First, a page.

Sunday, January 31, 2010


I mentioned in the first class that there were a number of different ways to classify diseases. We have generally been classifying and thinking about infectious diseases in terms of their causative agents.

However for many doctors, presented with a patient with an array of symptoms, it makes more sense to, at least initially, describe diseases according to their symptoms.

Pneumonia is an example of this someone raised in a question in the last class. Pneumonia is an inflammation of the lungs and can result from a wide variety of causes including bacteria, viruses, fungi, parasites and even non-biological sources such as dust.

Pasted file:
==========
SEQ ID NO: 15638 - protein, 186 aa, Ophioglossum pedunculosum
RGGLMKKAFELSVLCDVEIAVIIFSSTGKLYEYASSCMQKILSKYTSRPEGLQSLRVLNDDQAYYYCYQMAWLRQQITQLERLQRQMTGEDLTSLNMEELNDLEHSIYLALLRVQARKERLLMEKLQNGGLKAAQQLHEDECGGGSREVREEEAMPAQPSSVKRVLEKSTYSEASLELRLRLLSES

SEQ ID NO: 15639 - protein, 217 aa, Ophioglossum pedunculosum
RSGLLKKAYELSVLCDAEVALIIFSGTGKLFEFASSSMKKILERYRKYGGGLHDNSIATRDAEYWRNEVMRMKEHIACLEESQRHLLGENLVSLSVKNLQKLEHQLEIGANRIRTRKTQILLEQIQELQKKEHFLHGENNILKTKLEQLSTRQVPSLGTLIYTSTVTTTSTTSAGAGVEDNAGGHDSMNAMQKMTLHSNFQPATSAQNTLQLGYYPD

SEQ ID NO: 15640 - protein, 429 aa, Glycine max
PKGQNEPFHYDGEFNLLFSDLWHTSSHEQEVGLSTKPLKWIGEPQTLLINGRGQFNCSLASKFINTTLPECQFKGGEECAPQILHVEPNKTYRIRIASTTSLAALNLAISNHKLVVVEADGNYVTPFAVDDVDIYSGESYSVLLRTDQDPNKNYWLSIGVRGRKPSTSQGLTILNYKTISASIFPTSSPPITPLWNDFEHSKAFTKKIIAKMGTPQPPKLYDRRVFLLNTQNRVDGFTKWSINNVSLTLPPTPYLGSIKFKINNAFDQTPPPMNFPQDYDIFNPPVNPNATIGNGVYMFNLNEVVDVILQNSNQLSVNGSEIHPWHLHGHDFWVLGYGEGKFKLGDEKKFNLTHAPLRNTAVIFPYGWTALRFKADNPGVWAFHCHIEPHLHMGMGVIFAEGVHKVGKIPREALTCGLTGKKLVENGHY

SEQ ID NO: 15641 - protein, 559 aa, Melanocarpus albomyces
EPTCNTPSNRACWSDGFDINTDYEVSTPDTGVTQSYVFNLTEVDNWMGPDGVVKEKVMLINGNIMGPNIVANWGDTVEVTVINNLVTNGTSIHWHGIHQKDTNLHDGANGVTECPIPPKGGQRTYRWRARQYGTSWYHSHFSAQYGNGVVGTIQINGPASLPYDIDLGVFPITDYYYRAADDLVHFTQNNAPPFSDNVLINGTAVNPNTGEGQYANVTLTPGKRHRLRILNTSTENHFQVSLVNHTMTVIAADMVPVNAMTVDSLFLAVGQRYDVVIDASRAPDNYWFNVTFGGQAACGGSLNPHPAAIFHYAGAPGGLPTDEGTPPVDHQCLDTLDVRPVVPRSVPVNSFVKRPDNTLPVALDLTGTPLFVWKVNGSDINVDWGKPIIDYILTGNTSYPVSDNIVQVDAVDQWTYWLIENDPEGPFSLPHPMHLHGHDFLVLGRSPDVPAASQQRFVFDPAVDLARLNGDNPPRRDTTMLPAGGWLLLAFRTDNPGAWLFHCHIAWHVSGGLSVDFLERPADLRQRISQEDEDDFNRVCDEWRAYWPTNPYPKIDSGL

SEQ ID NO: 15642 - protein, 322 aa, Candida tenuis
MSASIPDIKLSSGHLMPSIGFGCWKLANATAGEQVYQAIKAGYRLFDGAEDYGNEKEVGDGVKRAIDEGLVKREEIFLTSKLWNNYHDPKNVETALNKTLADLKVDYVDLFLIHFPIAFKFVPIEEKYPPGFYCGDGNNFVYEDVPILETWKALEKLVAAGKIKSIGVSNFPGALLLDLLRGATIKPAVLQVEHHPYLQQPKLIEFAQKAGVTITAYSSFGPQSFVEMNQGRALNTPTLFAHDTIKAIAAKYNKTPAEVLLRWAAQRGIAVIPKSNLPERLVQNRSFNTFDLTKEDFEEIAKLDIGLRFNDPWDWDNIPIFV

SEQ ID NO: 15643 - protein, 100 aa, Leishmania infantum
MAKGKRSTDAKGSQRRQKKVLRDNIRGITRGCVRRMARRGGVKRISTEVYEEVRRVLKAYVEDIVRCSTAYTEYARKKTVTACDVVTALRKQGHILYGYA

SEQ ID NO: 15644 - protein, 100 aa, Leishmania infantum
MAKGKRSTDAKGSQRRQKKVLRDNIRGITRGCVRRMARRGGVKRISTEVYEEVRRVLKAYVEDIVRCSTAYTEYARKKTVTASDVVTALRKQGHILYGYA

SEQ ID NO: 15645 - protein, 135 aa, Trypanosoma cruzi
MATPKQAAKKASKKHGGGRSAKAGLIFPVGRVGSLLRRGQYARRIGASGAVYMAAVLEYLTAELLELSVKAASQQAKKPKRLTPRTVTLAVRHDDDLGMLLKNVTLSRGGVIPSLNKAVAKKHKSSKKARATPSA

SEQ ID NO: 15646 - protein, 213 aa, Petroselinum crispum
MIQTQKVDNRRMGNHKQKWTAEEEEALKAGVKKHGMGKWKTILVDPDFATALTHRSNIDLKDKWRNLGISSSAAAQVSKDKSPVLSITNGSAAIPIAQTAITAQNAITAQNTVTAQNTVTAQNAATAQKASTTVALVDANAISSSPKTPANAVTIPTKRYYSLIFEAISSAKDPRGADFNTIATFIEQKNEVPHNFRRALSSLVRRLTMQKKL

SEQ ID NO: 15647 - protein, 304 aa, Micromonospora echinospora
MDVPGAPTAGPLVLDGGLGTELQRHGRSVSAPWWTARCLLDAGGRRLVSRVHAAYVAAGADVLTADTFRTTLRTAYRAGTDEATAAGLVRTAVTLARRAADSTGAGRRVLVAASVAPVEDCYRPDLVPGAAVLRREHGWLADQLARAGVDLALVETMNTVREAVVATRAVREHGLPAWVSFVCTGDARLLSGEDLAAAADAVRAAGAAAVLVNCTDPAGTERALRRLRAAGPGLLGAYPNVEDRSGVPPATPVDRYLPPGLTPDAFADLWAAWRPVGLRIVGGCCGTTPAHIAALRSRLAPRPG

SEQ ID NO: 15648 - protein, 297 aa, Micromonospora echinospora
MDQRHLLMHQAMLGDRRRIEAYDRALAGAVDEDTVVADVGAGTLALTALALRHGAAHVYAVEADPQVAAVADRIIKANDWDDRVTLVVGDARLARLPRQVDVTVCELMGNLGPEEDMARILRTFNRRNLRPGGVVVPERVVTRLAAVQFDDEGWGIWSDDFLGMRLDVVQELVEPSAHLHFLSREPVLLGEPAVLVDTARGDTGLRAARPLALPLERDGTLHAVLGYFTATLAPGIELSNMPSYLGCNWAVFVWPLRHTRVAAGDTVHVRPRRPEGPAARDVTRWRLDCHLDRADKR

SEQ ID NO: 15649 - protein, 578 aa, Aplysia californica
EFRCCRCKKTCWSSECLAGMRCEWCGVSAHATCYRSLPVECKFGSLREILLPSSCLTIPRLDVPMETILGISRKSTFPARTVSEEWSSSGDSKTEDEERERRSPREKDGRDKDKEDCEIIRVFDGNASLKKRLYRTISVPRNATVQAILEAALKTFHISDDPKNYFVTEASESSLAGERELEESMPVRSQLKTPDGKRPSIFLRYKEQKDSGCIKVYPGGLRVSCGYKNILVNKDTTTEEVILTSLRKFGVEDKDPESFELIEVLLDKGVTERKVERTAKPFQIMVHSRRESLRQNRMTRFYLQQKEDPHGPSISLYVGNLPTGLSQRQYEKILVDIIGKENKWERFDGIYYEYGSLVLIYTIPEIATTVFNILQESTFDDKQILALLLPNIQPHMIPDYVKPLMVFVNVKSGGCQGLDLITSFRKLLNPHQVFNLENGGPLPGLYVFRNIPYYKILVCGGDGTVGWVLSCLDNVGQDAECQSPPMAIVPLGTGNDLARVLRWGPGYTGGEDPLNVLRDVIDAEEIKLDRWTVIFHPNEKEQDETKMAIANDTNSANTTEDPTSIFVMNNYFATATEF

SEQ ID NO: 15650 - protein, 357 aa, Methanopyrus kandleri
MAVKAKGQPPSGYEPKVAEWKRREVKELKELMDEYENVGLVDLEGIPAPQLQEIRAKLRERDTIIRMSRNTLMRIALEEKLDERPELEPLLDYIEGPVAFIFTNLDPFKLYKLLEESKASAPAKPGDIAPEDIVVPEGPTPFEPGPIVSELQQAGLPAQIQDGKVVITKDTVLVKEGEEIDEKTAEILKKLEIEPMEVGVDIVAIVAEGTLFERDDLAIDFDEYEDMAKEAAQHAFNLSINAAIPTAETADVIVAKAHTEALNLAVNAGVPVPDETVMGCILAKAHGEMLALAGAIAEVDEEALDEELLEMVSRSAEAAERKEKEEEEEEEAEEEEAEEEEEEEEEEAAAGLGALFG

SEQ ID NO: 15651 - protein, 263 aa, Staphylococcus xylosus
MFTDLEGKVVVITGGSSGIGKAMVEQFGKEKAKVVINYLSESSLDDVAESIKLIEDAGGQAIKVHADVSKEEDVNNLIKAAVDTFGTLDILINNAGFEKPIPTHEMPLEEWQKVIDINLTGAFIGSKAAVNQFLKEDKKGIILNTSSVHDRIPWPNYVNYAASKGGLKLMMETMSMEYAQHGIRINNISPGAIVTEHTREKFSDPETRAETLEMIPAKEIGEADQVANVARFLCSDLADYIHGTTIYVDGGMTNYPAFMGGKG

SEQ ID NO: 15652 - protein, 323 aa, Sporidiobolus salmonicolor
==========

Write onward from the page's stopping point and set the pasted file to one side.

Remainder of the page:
Pneuomonia is actually an exception to the rule that the suffix -itis is used to indicate a disease marked by inflammation. You have probably heard of bronchitis, cystitis, laryngitis, meningitis, hepatitis etc - all of which name diseases that can be caused by a variety of organisms. In many cases knowing which organism is causing the disease is a vital next step.

Because of this association between the suffix -itis and disease people have sometimes coined words with it. The most common example being senioritis - taking it easy your senior year of high school. However, technically senioritis would refer to a swelling or inflammation of your seniors....

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